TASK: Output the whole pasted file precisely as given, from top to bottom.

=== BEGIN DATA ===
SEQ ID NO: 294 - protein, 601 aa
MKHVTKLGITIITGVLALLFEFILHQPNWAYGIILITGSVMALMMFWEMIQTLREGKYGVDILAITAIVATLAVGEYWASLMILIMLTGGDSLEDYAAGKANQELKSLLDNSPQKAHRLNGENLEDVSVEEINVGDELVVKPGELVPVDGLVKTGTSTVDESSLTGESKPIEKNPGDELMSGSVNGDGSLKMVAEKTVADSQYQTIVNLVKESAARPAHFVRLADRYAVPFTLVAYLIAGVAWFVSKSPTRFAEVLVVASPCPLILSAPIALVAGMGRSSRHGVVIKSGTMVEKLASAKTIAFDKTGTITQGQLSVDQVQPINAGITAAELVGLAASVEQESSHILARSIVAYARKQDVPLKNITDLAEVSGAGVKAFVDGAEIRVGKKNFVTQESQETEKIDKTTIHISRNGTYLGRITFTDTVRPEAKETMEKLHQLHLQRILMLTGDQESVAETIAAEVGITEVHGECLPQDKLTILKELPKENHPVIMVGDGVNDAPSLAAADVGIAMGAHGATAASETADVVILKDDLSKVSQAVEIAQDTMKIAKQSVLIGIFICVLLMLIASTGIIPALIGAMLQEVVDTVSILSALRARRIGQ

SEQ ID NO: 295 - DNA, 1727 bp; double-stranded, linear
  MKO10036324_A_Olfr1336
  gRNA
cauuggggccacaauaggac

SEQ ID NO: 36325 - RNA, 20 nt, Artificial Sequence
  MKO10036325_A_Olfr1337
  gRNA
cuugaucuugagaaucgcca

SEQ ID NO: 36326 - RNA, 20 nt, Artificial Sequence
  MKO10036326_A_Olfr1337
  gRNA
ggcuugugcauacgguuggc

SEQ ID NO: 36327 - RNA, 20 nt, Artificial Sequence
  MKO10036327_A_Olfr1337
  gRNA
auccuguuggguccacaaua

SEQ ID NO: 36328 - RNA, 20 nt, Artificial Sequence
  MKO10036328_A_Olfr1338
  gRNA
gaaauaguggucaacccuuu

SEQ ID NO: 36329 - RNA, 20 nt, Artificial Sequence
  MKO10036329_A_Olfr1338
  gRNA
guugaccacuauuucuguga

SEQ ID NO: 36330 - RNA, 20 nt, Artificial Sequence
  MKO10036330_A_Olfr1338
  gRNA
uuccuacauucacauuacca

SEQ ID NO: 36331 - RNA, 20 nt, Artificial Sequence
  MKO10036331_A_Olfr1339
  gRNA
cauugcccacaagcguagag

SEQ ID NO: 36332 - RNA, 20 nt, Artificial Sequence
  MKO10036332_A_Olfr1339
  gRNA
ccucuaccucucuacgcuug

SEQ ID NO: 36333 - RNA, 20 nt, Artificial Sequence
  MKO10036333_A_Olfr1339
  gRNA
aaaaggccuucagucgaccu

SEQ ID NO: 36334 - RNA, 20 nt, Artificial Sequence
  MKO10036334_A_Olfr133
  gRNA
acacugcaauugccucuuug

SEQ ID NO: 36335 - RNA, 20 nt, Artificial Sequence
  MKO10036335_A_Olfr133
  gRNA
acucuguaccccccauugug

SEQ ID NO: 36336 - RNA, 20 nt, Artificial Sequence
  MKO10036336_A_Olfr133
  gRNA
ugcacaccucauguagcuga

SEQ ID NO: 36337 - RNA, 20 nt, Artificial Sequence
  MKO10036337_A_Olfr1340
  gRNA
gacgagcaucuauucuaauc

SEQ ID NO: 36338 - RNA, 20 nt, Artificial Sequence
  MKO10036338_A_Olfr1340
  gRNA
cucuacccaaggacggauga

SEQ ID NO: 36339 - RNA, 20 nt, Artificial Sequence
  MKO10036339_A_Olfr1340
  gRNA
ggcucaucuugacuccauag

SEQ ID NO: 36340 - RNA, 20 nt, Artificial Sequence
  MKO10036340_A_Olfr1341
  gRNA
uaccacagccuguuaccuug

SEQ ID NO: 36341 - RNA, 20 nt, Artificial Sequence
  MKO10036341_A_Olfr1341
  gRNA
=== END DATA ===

SEQ ID NO: 294 - protein, 601 aa
MKHVTKLGITIITGVLALLFEFILHQPNWAYGIILITGSVMALMMFWEMIQTLREGKYGVDILAITAIVATLAVGEYWASLMILIMLTGGDSLEDYAAGKANQELKSLLDNSPQKAHRLNGENLEDVSVEEINVGDELVVKPGELVPVDGLVKTGTSTVDESSLTGESKPIEKNPGDELMSGSVNGDGSLKMVAEKTVADSQYQTIVNLVKESAARPAHFVRLADRYAVPFTLVAYLIAGVAWFVSKSPTRFAEVLVVASPCPLILSAPIALVAGMGRSSRHGVVIKSGTMVEKLASAKTIAFDKTGTITQGQLSVDQVQPINAGITAAELVGLAASVEQESSHILARSIVAYARKQDVPLKNITDLAEVSGAGVKAFVDGAEIRVGKKNFVTQESQETEKIDKTTIHISRNGTYLGRITFTDTVRPEAKETMEKLHQLHLQRILMLTGDQESVAETIAAEVGITEVHGECLPQDKLTILKELPKENHPVIMVGDGVNDAPSLAAADVGIAMGAHGATAASETADVVILKDDLSKVSQAVEIAQDTMKIAKQSVLIGIFICVLLMLIASTGIIPALIGAMLQEVVDTVSILSALRARRIGQ

SEQ ID NO: 295 - DNA, 1727 bp; double-stranded, linear
  MKO10036324_A_Olfr1336
  gRNA
cauuggggccacaauaggac

SEQ ID NO: 36325 - RNA, 20 nt, Artificial Sequence
  MKO10036325_A_Olfr1337
  gRNA
cuugaucuugagaaucgcca

SEQ ID NO: 36326 - RNA, 20 nt, Artificial Sequence
  MKO10036326_A_Olfr1337
  gRNA
ggcuugugcauacgguuggc

SEQ ID NO: 36327 - RNA, 20 nt, Artificial Sequence
  MKO10036327_A_Olfr1337
  gRNA
auccuguuggguccacaaua

SEQ ID NO: 36328 - RNA, 20 nt, Artificial Sequence
  MKO10036328_A_Olfr1338
  gRNA
gaaauaguggucaacccuuu

SEQ ID NO: 36329 - RNA, 20 nt, Artificial Sequence
  MKO10036329_A_Olfr1338
  gRNA
guugaccacuauuucuguga

SEQ ID NO: 36330 - RNA, 20 nt, Artificial Sequence
  MKO10036330_A_Olfr1338
  gRNA
uuccuacauucacauuacca

SEQ ID NO: 36331 - RNA, 20 nt, Artificial Sequence
  MKO10036331_A_Olfr1339
  gRNA
cauugcccacaagcguagag

SEQ ID NO: 36332 - RNA, 20 nt, Artificial Sequence
  MKO10036332_A_Olfr1339
  gRNA
ccucuaccucucuacgcuug

SEQ ID NO: 36333 - RNA, 20 nt, Artificial Sequence
  MKO10036333_A_Olfr1339
  gRNA
aaaaggccuucagucgaccu

SEQ ID NO: 36334 - RNA, 20 nt, Artificial Sequence
  MKO10036334_A_Olfr133
  gRNA
acacugcaauugccucuuug

SEQ ID NO: 36335 - RNA, 20 nt, Artificial Sequence
  MKO10036335_A_Olfr133
  gRNA
acucuguaccccccauugug

SEQ ID NO: 36336 - RNA, 20 nt, Artificial Sequence
  MKO10036336_A_Olfr133
  gRNA
ugcacaccucauguagcuga

SEQ ID NO: 36337 - RNA, 20 nt, Artificial Sequence
  MKO10036337_A_Olfr1340
  gRNA
gacgagcaucuauucuaauc

SEQ ID NO: 36338 - RNA, 20 nt, Artificial Sequence
  MKO10036338_A_Olfr1340
  gRNA
cucuacccaaggacggauga

SEQ ID NO: 36339 - RNA, 20 nt, Artificial Sequence
  MKO10036339_A_Olfr1340
  gRNA
ggcucaucuugacuccauag

SEQ ID NO: 36340 - RNA, 20 nt, Artificial Sequence
  MKO10036340_A_Olfr1341
  gRNA
uaccacagccuguuaccuug

SEQ ID NO: 36341 - RNA, 20 nt, Artificial Sequence
  MKO10036341_A_Olfr1341
  gRNA